Ed

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Sewing-machines.blogspot.com

Kalindi1121
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Date: 5/28/13 9:39 AM

I recommend finding a good steel vintage machine with all the features you want. One which is still around in good numbers so you can get replacement parts in the future. Buying one in good shape, then paying a bit more to have it completely overhauled. Put some decent money into having it completely tuned up, any worn wiring replaced, new belts if they are needed, etc... You will then have a machine that will last you decades.

I did this and chose the Viking 6460. I do quilt, but not everyday, more of a once in a while thing when inspiration strikes for a specific gift so quilting was not foremost on my mind when I picked it out, but I have no complaints in any department. From purchase to complete overhaul cost me around $550 and that is with all the cams included for the decorative stitches. The only word of warning with older Vikings is that you really need to have someone near you that knows how to work on them. Some people CLAIM to know how to work on them, but once they open the machine up, they realize they really can't work on them. I had to drive an hour and a half to reach the nearest Viking Gold Star Repair Shop.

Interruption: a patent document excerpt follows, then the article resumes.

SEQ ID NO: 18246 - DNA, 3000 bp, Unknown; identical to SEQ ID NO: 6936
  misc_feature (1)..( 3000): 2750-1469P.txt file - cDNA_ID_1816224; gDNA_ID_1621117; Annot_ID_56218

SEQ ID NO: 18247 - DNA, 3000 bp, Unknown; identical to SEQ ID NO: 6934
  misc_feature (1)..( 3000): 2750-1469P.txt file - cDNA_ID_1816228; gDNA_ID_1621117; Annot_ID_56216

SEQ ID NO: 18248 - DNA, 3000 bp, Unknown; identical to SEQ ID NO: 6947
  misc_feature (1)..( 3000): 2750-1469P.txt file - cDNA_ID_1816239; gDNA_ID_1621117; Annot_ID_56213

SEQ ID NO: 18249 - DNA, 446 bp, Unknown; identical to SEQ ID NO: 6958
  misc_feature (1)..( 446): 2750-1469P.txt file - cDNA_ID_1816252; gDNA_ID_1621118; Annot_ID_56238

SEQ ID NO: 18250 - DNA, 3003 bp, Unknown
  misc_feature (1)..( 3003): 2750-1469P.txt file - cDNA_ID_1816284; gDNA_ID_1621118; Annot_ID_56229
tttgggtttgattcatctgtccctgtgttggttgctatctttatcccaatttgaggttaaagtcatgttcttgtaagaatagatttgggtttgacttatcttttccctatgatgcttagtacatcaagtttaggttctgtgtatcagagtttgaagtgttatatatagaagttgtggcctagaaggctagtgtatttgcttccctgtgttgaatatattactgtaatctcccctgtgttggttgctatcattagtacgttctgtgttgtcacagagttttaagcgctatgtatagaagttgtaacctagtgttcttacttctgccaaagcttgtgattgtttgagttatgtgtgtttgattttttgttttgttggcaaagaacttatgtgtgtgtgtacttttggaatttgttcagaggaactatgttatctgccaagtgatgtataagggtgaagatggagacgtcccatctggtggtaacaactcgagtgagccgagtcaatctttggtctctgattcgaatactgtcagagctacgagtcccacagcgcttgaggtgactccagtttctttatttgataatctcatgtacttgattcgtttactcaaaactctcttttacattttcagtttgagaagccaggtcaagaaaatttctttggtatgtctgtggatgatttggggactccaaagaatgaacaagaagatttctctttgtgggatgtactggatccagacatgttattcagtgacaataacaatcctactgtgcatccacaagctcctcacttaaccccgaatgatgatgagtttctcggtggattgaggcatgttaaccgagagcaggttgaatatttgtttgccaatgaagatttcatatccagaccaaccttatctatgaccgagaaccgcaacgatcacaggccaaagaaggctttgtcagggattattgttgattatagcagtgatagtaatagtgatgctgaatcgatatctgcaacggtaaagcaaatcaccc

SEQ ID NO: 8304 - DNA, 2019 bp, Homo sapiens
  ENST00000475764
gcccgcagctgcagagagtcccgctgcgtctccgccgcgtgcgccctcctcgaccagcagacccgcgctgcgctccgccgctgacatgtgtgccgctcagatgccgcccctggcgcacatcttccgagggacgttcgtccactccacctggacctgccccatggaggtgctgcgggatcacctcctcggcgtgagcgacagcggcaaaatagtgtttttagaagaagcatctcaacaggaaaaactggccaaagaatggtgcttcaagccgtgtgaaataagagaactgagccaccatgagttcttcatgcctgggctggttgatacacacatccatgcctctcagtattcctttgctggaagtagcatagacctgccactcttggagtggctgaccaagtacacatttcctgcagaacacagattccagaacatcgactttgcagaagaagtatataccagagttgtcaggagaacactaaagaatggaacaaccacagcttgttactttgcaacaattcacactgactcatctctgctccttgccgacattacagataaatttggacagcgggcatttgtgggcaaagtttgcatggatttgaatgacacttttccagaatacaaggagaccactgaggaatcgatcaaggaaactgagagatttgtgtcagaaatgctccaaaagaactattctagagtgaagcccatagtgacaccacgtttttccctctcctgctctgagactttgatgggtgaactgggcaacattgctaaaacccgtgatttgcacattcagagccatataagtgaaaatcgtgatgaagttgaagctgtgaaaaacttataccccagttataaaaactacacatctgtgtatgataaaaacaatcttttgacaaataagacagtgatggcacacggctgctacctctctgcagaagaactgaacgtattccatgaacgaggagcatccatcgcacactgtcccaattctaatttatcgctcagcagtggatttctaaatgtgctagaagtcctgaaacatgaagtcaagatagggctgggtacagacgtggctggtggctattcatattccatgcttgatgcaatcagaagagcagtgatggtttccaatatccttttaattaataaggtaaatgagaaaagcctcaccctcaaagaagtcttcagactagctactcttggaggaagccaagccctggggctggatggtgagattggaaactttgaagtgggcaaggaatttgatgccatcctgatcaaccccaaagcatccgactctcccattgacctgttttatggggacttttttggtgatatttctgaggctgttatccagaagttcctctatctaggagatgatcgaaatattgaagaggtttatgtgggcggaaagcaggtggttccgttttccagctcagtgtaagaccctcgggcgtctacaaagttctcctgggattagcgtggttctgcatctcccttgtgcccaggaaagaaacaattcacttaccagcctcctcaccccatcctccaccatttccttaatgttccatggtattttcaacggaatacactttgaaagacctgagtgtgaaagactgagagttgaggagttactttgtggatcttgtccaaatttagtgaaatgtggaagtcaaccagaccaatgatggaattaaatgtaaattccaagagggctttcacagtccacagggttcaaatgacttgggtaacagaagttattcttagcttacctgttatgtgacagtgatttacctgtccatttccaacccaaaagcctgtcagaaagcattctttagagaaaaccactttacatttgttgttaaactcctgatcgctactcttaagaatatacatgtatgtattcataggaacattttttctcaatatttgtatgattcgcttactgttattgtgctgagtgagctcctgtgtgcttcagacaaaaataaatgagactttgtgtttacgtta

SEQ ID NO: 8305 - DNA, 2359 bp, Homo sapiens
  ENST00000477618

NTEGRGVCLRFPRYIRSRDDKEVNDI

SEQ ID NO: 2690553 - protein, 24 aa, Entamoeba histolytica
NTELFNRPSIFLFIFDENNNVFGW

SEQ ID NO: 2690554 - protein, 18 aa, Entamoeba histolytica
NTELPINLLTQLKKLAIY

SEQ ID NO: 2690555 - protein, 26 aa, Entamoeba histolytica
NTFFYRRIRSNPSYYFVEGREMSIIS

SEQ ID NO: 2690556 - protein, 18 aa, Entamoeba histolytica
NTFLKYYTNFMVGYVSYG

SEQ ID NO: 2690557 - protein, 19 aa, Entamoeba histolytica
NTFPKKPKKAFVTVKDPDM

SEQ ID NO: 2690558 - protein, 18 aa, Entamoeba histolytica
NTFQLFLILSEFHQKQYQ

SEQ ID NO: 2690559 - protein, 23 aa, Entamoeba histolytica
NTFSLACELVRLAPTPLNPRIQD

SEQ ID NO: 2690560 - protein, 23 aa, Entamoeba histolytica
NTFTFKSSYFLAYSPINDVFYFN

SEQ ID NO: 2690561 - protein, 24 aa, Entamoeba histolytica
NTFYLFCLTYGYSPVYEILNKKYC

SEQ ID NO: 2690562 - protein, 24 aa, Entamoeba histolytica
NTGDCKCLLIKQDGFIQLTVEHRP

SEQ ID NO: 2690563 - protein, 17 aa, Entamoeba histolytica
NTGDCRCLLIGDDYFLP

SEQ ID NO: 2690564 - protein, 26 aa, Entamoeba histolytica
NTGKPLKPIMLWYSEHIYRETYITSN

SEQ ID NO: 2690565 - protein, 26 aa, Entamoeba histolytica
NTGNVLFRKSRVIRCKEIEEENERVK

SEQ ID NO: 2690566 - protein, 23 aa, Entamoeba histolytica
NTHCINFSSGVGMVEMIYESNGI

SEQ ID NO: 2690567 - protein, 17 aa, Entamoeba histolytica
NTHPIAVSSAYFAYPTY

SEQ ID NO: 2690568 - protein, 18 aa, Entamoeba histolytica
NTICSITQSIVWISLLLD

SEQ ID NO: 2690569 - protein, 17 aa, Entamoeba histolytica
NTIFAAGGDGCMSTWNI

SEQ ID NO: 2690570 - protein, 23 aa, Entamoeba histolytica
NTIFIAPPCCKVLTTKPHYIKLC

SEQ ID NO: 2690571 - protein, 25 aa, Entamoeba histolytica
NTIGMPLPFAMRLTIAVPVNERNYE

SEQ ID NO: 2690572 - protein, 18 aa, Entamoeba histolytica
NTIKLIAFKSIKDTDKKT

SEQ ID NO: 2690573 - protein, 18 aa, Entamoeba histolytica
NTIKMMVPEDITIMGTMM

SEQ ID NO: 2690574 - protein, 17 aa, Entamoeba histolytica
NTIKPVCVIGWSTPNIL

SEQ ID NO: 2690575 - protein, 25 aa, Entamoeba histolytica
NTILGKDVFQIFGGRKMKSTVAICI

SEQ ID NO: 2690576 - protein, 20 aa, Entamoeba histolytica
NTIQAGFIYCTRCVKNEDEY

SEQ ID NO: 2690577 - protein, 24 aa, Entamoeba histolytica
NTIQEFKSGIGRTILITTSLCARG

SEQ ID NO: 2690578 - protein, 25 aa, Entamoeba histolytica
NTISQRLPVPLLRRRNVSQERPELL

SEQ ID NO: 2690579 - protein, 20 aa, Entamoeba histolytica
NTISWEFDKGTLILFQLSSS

KPM
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Date: 5/28/13 8:03 PM

The only machines in my fleet I expect to outlive me are my old, mechanical Berninas. My newer, computerized machines all have renewable service contracts on them so they will continue to work until I sell or trade them up. Which I will do, as for me that is half the fun of sewing. This is quite pricey where I live, but necessary. I won't sell a machine that isn't in good working order to anybody.

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Let's just say all modern sms are well represented in my studio.